Posts Tagged ‘inspiration’

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Exclusive Never Before Seen Pics Of The Sacred Skull OF Sloghan, Below!

Exclusive Never Before Seen Pics Of The Sacred Skull OF Sloghan, Below!


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Gail always inspires me. Sometimes she even inspires herself. Like yesterday when she stuck some of the rope lights in a cloth bag and made a lamp for the bar. (see photos below.

Gail always inspires me. Sometimes she even inspires herself. Like yesterday when she stuck some of the rope lights in a cloth bag and made a lamp for the bar. (see photos below.

She lights up my life.

She lights up my life.

Disco down at our place. Everybody get on your feet. You make me nervous when you're in your seat. C'mon!

Disco down at our place. Everybody get on your feet. You make me nervous when you’re in your seat. C’mon!

For me the story of Bob (Nichols) began a very short time ago when a mutual friend hooked us up. Bob had a story to tell (Rosie Of The Rialto) and he needed an artist to illustrate it. Since our first breakfast meeting at Howard’s Station in Occidental a few short weeks ago I have wished that our relationship had started years and years ago. He is the type of person who’s gentleness, even temper, talent and wit makes for the best of friends. And then there’s his more than six decades of experience in show business as an actor, singer, dancer, and playwrite to talk about.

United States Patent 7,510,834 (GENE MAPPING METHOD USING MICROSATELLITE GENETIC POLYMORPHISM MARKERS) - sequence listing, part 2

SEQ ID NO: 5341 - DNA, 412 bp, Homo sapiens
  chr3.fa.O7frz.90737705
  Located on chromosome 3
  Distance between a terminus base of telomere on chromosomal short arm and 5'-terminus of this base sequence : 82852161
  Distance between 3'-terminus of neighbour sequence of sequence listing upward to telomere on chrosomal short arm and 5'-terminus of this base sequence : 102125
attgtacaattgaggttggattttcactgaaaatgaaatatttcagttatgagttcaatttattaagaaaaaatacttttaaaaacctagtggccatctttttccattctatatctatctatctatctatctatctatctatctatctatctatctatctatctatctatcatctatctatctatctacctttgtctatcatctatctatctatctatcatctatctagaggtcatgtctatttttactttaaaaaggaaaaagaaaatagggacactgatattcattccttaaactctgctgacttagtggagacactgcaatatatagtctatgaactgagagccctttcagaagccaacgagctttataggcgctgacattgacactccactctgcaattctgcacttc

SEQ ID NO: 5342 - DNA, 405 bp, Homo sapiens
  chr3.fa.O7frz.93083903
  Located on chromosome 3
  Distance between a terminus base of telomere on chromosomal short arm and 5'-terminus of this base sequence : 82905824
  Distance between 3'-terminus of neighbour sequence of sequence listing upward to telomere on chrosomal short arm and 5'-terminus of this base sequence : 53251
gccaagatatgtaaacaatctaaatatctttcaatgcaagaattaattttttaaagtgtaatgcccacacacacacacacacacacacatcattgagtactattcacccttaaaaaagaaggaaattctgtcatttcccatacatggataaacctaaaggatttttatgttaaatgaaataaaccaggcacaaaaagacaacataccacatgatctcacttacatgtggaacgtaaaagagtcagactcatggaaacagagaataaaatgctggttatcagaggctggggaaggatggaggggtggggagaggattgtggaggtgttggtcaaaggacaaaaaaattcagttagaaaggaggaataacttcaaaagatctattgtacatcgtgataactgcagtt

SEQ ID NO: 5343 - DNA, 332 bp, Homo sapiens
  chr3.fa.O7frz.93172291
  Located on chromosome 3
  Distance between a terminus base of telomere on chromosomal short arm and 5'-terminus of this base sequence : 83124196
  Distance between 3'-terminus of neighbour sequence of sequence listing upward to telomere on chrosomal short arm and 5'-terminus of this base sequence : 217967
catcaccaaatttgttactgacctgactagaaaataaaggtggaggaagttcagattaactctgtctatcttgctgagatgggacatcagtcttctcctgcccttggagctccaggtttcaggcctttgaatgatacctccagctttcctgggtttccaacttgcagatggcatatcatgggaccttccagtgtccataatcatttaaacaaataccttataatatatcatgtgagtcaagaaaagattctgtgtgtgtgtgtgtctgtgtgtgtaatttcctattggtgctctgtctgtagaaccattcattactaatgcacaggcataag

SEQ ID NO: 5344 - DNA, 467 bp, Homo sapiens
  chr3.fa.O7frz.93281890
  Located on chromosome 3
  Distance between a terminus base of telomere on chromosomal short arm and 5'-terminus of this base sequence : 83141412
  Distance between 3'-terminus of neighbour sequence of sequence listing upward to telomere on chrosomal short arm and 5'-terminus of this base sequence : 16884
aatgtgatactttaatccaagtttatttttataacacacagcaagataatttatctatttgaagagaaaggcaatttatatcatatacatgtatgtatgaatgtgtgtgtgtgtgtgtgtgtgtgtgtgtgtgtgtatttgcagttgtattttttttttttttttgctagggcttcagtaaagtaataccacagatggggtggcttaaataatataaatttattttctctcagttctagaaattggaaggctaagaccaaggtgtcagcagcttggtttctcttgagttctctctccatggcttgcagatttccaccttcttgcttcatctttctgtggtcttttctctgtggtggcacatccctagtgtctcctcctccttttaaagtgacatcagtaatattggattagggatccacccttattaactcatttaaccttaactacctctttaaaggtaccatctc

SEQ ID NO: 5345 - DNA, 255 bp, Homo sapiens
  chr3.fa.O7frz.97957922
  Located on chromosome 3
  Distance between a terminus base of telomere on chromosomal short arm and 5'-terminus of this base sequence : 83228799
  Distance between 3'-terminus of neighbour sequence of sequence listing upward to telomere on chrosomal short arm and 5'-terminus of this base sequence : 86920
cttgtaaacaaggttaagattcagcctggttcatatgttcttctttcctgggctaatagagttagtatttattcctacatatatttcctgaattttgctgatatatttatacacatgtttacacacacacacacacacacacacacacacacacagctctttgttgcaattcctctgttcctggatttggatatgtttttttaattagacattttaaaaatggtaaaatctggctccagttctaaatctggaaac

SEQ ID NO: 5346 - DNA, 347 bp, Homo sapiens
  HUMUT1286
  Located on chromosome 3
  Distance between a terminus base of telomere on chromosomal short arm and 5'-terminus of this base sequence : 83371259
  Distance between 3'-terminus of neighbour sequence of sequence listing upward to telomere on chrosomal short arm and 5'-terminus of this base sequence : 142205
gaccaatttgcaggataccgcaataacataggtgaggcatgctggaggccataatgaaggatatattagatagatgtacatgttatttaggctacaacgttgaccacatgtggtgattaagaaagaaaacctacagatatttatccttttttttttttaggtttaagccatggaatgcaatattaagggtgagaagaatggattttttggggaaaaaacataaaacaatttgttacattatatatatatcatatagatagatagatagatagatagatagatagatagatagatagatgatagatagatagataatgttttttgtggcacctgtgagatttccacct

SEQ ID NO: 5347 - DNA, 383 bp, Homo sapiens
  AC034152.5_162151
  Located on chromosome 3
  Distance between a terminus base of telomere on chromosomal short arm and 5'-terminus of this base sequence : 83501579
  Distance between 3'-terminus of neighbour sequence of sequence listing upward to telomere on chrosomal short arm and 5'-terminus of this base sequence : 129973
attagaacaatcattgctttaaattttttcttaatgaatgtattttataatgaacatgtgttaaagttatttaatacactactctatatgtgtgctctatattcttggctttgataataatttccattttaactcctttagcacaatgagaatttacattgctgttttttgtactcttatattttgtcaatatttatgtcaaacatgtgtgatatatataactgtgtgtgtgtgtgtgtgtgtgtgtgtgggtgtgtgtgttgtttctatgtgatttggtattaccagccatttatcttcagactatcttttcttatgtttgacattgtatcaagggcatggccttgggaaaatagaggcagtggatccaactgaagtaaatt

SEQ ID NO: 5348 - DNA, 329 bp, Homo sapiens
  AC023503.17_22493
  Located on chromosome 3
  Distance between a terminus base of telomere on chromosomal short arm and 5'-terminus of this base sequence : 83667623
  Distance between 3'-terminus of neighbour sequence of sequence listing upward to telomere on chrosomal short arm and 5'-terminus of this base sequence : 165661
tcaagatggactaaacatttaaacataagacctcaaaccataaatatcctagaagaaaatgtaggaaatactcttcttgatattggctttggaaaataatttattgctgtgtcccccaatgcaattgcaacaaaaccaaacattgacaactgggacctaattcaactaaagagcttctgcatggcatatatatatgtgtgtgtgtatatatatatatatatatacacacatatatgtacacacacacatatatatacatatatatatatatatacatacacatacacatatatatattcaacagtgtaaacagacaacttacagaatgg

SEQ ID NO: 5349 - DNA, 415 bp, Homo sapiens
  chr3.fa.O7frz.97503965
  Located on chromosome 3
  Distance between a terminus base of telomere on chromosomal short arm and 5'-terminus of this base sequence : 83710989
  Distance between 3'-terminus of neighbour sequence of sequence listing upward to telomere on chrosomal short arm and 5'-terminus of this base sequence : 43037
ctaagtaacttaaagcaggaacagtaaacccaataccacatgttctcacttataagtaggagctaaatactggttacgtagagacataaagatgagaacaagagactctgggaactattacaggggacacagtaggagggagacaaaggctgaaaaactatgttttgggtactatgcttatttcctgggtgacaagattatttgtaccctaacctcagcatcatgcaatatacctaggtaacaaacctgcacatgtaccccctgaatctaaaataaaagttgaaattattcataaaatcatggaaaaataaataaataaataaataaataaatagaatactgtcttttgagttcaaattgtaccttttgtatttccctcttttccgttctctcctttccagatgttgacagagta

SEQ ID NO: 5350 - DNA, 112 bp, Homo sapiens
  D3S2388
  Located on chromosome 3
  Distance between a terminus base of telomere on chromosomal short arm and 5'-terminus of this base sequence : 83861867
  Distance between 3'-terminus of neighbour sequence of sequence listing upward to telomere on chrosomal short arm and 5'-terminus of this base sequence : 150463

Bob Nichols as he appeared as “Pinky” in GIANT.

We usually have a weekly meeting to discuss my drawings, to go over his rewrites, and to set an agenda for me to proceed on with my illustrations till our next meeting. I usually cannot contain my curiosity about his wonderful career and try to get him talking about his episode of The Adam’s Family or what the Mutants in “This Island Earth” looked like up close. But we spend most of our time on topic, and I always look forward to our next session.

I was aware of his rather delicate condition, after all he is eighty-seven years old and has had several heart surgeries dating back to the 1980’s. We had already had a couple of cancellations due to his health problems, but a couple of weeks ago his wife, Jennifer, emailed me to let me know that Bob had sustained a serious fall and was in  bad shape. She thought he might be okay for a visit the following week however, so I made regular contacts to see if he was showing signs of improvement. A few days before our next scheduled meeting, Jennifer called and said it was all right to come over, and that Bob had something that he wanted to tell me in person. Naturally my thoughts ran the gamut from he’d no longer be able to finish the story to he was gravely ill and would not be able  to… I spent a sleepless night before the day of our meeting, needing to know but dreading to hear what he might say. I had come to be quite fond of this amazing individual. I couldn’t look at the work I’d done on “Rosie” or think about the man without breaking down and crying.